BACKGROUND ART

It is generally recognized that whereas construction with brick, tile, interlocking pavers, flag stone or the like provides an attractive masonry surface, such construction can be very expensive and time consuming. Attempts have been made to devise wall covering which give the appearance of brick, tile, interlocking pavers, flag stone or the like, but such coverings rarely produce the natural appearance of brick, tile, interlocking pavers, flag stone or the like and, although less costly than natural brick, tile, interlocking pavers, flag stone or the like, such wall covering can still be quite costly. Further, where less costly masonry, such as concrete, is used, various paints and stains are available for covering or decorating the surface, but the painting or staining of large areas of concrete to give the appearance of brick, tile, interlocking pavers, flag stone or the like is very laborious where conventional methods are used. In this regard, stencils have been used as masking aides to produce complex designs which cover selected areas. For example, U.S. Pat. Nos. 4,682,562; 4,125,658; 4,031,268; 3,678,887; 3,667,990; 3,552,987; 3,323,490; 3,225,691; 2,264,628 and 1,937,927 discuss the use of such stencils. However, due to the porous, irregular surface characteristic of most concrete and other masonry the coloring medium tends to bleed or seep under the stencil into areas where colorization is not desired where conventional stenciling methods are used.

Difficulty has also been encountered finding cost efficient methods for recoloring faded brick, tile, interlocking pavers, flag stone or the like incorporated in older structures, or for changing the color of brick, tile, interlocking pavers, flag stone or the like in an existing structure, due to the need to avoid colorization of the mortar gaps. Of course, the painting of individual bricks or tiles is very time consuming, and traditional masking means, such as masking tapes, work poorly given the porous, irregular surface of the mortar.

Therefore, it is an object of the present invention to provide a masonry stencil for masking a preselected mortar pattern on a masonry surface.

It is a further object of the present invention to provide a method for coloring concrete and other masonry surface to give the surface the appearance of natural brick, tile, interlocking pavers, flag stone or the like construction.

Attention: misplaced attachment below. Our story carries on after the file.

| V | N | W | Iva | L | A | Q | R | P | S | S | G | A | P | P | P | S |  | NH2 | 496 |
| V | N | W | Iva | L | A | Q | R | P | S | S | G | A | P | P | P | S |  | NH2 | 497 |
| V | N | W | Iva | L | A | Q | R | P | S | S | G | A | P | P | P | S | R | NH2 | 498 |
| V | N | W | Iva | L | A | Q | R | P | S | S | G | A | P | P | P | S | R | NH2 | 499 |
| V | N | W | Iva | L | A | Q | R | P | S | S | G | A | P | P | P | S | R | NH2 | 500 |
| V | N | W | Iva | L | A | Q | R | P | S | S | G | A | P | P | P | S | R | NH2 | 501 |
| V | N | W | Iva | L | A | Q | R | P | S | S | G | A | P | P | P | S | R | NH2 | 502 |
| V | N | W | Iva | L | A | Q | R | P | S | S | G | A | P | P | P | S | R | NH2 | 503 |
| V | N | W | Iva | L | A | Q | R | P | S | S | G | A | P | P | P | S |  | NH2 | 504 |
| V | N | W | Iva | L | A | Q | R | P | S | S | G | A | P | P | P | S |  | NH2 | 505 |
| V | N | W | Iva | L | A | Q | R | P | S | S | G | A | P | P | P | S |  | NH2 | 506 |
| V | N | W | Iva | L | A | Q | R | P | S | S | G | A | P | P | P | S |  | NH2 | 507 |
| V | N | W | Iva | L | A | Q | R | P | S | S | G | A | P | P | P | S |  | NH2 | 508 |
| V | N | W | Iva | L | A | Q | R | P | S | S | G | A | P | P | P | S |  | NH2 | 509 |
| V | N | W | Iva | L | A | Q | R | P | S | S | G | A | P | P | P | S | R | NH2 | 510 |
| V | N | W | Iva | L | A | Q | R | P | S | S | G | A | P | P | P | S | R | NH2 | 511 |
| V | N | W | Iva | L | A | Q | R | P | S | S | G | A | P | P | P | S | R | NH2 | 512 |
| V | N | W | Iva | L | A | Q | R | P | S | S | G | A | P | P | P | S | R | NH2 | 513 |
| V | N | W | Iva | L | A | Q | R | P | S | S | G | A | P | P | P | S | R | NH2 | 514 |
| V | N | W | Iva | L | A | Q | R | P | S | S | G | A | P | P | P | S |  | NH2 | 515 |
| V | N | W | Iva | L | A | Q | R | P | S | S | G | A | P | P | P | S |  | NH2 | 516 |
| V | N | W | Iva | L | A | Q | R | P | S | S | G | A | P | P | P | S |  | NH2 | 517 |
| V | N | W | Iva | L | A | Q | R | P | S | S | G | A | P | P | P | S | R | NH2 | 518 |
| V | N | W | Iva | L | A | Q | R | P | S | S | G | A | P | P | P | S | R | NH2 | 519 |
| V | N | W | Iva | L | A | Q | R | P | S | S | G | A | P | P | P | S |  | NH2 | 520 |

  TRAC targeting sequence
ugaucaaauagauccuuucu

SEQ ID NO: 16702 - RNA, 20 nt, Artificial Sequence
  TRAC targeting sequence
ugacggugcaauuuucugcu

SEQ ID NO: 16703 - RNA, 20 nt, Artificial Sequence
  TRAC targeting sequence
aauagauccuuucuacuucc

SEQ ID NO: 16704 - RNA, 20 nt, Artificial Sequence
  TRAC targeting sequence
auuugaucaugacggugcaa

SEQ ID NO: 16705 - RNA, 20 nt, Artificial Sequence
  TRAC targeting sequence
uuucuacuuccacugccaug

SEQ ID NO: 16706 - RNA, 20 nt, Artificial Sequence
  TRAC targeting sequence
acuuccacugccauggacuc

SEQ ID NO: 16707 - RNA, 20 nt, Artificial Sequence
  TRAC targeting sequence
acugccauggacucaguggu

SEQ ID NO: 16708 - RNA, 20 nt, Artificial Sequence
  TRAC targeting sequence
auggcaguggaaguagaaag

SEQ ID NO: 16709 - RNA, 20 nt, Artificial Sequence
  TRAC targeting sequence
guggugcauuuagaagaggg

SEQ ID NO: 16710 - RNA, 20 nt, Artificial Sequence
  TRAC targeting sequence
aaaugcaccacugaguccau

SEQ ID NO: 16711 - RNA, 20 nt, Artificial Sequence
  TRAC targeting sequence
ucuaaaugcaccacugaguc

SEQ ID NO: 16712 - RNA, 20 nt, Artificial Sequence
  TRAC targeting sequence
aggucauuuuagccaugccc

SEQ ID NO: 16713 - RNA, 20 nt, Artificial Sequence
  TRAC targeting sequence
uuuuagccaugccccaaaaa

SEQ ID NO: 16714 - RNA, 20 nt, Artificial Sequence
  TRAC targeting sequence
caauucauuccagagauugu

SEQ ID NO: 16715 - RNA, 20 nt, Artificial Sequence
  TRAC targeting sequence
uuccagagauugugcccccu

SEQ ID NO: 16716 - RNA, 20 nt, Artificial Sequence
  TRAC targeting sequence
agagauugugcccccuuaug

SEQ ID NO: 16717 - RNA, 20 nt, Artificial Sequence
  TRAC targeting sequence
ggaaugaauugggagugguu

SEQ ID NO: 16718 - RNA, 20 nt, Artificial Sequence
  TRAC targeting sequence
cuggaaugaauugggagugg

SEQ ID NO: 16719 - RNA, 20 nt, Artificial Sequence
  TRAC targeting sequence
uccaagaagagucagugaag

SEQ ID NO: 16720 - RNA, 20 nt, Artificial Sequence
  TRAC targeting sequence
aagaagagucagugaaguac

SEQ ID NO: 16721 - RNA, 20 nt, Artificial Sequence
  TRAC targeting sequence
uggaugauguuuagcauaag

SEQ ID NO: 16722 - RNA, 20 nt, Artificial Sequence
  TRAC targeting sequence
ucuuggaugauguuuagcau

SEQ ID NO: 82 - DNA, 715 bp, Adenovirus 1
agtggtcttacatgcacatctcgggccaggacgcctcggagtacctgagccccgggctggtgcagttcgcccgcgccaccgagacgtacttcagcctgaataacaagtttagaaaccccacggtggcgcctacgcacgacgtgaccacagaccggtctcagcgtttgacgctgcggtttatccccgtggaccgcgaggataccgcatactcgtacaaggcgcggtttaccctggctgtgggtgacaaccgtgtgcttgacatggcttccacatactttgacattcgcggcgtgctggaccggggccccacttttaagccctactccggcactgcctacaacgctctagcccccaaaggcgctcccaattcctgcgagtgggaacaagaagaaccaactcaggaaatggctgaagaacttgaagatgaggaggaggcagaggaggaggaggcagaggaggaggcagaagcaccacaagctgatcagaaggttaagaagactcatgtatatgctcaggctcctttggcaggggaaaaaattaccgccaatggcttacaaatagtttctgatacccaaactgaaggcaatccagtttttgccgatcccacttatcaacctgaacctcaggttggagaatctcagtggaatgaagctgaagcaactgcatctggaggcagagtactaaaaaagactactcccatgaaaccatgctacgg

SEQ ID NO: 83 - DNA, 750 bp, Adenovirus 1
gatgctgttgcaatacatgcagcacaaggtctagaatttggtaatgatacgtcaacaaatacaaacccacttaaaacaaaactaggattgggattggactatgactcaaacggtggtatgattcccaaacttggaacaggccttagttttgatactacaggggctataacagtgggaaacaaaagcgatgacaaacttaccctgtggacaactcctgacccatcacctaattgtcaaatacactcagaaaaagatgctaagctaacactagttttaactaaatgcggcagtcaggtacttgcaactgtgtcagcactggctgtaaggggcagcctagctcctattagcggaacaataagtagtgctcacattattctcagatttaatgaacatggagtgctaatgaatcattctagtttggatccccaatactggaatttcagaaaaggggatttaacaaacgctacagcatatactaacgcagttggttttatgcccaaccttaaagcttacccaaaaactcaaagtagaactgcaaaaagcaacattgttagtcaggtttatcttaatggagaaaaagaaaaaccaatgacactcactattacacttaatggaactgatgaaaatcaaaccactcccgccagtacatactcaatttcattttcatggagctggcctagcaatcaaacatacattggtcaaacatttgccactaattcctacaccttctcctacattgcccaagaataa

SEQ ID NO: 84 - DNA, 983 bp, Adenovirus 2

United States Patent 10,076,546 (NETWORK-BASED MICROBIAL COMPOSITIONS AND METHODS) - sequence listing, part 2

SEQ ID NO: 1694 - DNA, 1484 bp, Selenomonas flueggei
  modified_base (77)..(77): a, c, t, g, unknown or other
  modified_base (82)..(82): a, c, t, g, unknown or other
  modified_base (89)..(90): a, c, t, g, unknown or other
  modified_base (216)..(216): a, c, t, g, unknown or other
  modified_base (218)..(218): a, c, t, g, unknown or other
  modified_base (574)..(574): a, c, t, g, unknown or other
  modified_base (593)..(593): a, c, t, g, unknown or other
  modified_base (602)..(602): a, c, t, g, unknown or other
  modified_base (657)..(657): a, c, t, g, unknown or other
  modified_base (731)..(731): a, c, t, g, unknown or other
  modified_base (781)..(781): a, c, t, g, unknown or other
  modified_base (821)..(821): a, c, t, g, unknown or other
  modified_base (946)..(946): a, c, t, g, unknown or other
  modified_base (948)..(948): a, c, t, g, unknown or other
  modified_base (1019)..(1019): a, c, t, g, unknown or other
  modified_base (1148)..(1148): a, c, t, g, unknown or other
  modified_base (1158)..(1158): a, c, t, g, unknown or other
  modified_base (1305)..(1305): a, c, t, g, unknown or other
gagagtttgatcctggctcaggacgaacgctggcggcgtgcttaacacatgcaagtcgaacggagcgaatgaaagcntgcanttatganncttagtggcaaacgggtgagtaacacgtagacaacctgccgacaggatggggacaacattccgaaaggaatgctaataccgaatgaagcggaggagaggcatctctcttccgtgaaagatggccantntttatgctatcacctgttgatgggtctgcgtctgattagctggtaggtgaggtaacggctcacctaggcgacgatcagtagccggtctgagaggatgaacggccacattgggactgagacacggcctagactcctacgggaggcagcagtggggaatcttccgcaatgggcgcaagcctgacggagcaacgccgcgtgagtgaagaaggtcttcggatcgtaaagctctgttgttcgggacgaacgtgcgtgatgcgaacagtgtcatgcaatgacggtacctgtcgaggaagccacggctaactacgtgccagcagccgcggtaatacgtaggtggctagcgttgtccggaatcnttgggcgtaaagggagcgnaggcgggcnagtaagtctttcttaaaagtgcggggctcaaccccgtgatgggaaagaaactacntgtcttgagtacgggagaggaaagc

Another object of the present invention is to provide a method for recoloring brick, tile, interlocking pavers, flag stone or the like masonry while maintaining the mortar gaps therebetween in their natural uncolored state.

Yet another object of the present invention is to provide a masonry stencil which is inexpensive to manufacture, and an associated masonry staining method which is inexpensive to use.

DISCLOSURE OF THE INVENTION

Other objects and advantages will be accomplished by the present invention which provides a masonry stencil for masking preselected mortar patterns on a masonry surface during the application of a coloring medium to the masonry surface, and an associated method whereby the stencil is utilized for coloring a masonry surface to produce the appearance of brick, tile, interlocking pavers, flag stone or the like construction or for recoloring existing brick, tile, interlocking pavers, flag stone or the like masonry. The stencil of the present invention generally comprises a latticework structure including an open framework of strips defining a pattern corresponding to the desired or pre-existing mortar pattern of the masonry, and defining open spaces through which a coloring medium can be applied to the masonry surface. The stencil further comprises a gasket secured to the under surface of the latticework structure for sealably engaging the masonry surface. In accordance with the method of the present invention the masonry stencil is placed on the masonry surface so as to mask the desired mortar pattern or an existing mortar pattern, and a coloring medium is applied to the unmasked surface area exposed by the open spaces of the stencil. After the coloring medium dries the stencil is removed leaving the mortar pattern uncolored.

BRIEF DESCRIPTION OF THE DRAWINGS

The above-mentioned features of the present invention will become more clearly understood from the following detailed description of the invention read together with the drawings in which:

FIG. 1 illustrates a perspective view of a masonry stencil of the present invention.

FIG. 2 illustrates a perspective view of a masonry stencil of the present invention as it engages a masonry surface.

FIG. 3 illustrates a perspective view of a masonry surface after being stained in accordance with the method of the present invention.

FIG. 4 illustrates a partial side elevation view, in section, of a stencil of the present invention.